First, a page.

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By Paula Valls

 

From March 4th – June 4th, the Upcountry History Museum was home to the Navy Art Collection of paintings depicting military life during Operations Desert Shield and Desert Storm. War in the Persian Gulf is a collection of diverse scenes from a troubled time, brought to life by combat artists John Charles Roach and Chip Beck.

John Charles Roach served ten years of active duty with the U.S. Navy. He is also an official Navy artist, having trained for three years at the National Academy of Fine Arts in Paris. His artwork from Operations Desert Shield and Desert Storm were created while he was serving active duty with the U.S. Naval Reserves.

Chip Beck has served most of his professional career in the military, fulfilling various duties and assignments. He not only served in the U.S. Navy, but also held positions in military intelligence and was given several diplomatic assignments all over the world. Beck was recalled to active duty as a combat artist to specifically cover and create art for Operations Desert Shield and Desert Storm.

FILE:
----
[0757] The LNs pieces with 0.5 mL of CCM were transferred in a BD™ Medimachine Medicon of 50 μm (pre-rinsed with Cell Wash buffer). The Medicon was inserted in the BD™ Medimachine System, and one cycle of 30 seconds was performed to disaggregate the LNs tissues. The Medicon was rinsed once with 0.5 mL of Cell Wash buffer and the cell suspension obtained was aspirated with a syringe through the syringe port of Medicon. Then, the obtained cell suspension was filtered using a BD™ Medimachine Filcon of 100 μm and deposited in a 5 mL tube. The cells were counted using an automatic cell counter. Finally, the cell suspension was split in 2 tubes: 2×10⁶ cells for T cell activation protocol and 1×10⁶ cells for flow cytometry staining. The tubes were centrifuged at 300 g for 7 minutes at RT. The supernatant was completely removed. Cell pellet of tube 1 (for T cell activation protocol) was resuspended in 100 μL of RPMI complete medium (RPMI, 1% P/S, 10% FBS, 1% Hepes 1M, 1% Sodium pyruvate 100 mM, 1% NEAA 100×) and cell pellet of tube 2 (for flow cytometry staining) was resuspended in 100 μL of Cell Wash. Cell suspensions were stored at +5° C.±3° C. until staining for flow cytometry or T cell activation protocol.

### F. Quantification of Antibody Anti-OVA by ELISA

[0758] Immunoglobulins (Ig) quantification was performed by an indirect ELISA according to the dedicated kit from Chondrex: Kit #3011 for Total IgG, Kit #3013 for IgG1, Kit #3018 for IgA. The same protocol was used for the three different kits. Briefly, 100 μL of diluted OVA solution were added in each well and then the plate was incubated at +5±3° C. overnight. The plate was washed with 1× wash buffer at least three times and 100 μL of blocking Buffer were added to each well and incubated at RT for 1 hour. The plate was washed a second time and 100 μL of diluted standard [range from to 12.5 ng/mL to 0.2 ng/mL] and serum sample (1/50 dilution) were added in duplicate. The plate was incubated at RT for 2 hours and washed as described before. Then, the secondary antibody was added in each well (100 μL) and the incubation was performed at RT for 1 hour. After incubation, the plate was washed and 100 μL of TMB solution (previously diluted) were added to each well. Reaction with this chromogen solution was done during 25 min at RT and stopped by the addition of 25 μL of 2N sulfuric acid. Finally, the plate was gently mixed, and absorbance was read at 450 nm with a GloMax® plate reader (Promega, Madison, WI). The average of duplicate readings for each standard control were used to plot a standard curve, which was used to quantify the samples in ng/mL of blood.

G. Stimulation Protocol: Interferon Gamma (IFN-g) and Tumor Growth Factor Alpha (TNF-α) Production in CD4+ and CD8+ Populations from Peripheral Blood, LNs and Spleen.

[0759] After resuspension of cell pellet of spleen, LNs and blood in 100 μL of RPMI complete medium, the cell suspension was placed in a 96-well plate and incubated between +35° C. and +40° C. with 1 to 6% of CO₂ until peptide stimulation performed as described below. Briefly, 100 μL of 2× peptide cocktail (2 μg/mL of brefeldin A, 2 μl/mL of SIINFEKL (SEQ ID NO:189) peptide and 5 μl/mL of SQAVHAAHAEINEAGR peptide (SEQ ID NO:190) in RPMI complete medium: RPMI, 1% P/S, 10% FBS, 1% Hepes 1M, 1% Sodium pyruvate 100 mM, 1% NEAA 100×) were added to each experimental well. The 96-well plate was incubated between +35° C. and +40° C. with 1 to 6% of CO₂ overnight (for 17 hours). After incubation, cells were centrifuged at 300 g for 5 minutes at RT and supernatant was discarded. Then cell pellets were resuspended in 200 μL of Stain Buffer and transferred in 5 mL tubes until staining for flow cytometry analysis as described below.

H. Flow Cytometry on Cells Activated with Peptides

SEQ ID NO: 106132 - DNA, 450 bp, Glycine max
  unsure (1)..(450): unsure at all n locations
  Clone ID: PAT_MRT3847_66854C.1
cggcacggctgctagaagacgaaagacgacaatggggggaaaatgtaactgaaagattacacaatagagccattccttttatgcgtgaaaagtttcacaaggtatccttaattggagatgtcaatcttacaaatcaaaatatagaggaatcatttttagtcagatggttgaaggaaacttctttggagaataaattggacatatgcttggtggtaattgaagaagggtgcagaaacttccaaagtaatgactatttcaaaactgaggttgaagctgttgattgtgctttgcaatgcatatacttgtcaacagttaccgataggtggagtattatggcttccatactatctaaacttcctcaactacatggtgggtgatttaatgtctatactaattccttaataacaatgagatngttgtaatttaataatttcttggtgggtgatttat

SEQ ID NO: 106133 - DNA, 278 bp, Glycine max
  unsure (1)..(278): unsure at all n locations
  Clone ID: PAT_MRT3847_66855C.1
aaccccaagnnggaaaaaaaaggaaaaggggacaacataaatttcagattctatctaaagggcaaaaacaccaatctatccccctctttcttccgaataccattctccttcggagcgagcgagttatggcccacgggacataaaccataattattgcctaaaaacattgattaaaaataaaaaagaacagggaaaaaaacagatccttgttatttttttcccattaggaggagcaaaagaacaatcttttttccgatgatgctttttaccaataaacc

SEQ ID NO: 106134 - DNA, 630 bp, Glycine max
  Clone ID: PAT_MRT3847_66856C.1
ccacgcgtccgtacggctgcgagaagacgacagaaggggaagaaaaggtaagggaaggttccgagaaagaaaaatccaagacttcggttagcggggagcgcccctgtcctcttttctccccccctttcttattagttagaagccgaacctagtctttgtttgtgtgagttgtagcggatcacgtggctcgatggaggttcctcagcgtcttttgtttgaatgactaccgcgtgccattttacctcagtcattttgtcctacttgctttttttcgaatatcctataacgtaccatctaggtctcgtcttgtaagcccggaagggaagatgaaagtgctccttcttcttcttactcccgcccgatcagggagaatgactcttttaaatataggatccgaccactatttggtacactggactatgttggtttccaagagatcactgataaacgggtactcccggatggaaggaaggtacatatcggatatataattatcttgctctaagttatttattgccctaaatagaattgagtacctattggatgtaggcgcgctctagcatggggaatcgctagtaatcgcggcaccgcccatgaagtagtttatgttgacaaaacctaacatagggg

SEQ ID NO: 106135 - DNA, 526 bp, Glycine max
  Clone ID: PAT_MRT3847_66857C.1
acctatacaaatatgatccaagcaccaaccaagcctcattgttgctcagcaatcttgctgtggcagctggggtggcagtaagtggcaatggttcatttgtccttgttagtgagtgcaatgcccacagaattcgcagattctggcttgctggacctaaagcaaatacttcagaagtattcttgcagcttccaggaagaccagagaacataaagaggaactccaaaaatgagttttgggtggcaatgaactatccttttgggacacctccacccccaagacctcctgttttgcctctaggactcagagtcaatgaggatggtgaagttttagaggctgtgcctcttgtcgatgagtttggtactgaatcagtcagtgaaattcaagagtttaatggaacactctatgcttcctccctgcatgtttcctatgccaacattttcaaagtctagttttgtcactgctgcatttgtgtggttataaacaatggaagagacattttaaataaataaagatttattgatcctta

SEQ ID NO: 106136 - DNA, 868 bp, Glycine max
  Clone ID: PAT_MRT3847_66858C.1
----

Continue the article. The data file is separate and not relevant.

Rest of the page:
In February, the Upcountry History Museum reached out to members of its veterans’ community, searching for objects to be displayed alongside these dynamic pieces of art, in order to tell a fuller story. Sergeant Major Bob Burns (Ret.) of the U.S. Marine Corps requested a meeting to tell us of two uniforms he acquired through a friend who served during the Persian Gulf War.

The first uniform was that of a U.S. Marine. The uniform itself was a combination of Desert Battle Dress and Woodland camouflage – a change of uniform was slowly filtering through the military and so many soldiers wore a combination of different uniforms. The second uniform was that of an Iraqi soldier. The uniform was found in an abandoned bunker in Kuwait.

Mr. Burns also loaned several U.S. Marine and Iraqi weapons manuals, an MRE, and a Kuwaiti license plate, all to be displayed for the duration of the exhibit.

Another member of our veterans' community, Master Sergeant Sandy Thompson (Ret.), U.S. Marine Corps, was very eager and willing to share several objects gathered while serving during Operations Desert Shield and Desert Storm. Among the loaned artifacts were a gas mask, playing cards with faces of "the enemy", and her most prized Kuwait Liberation Medal. Mrs. Thompson, as well as all military personnel who served in the Persian Gulf War, were presented with the medal concluding the liberation of Kuwait in February of 1991.

Paintings by John Charles Roach and Chip Beck on display in the Persian Gulf War exhibit in the Upcountry History Museum in Greenville, SC

 

Artifacts gathered by veterans of the Persian Gulf War on display at the Upcountry History Museum in Greenville, SC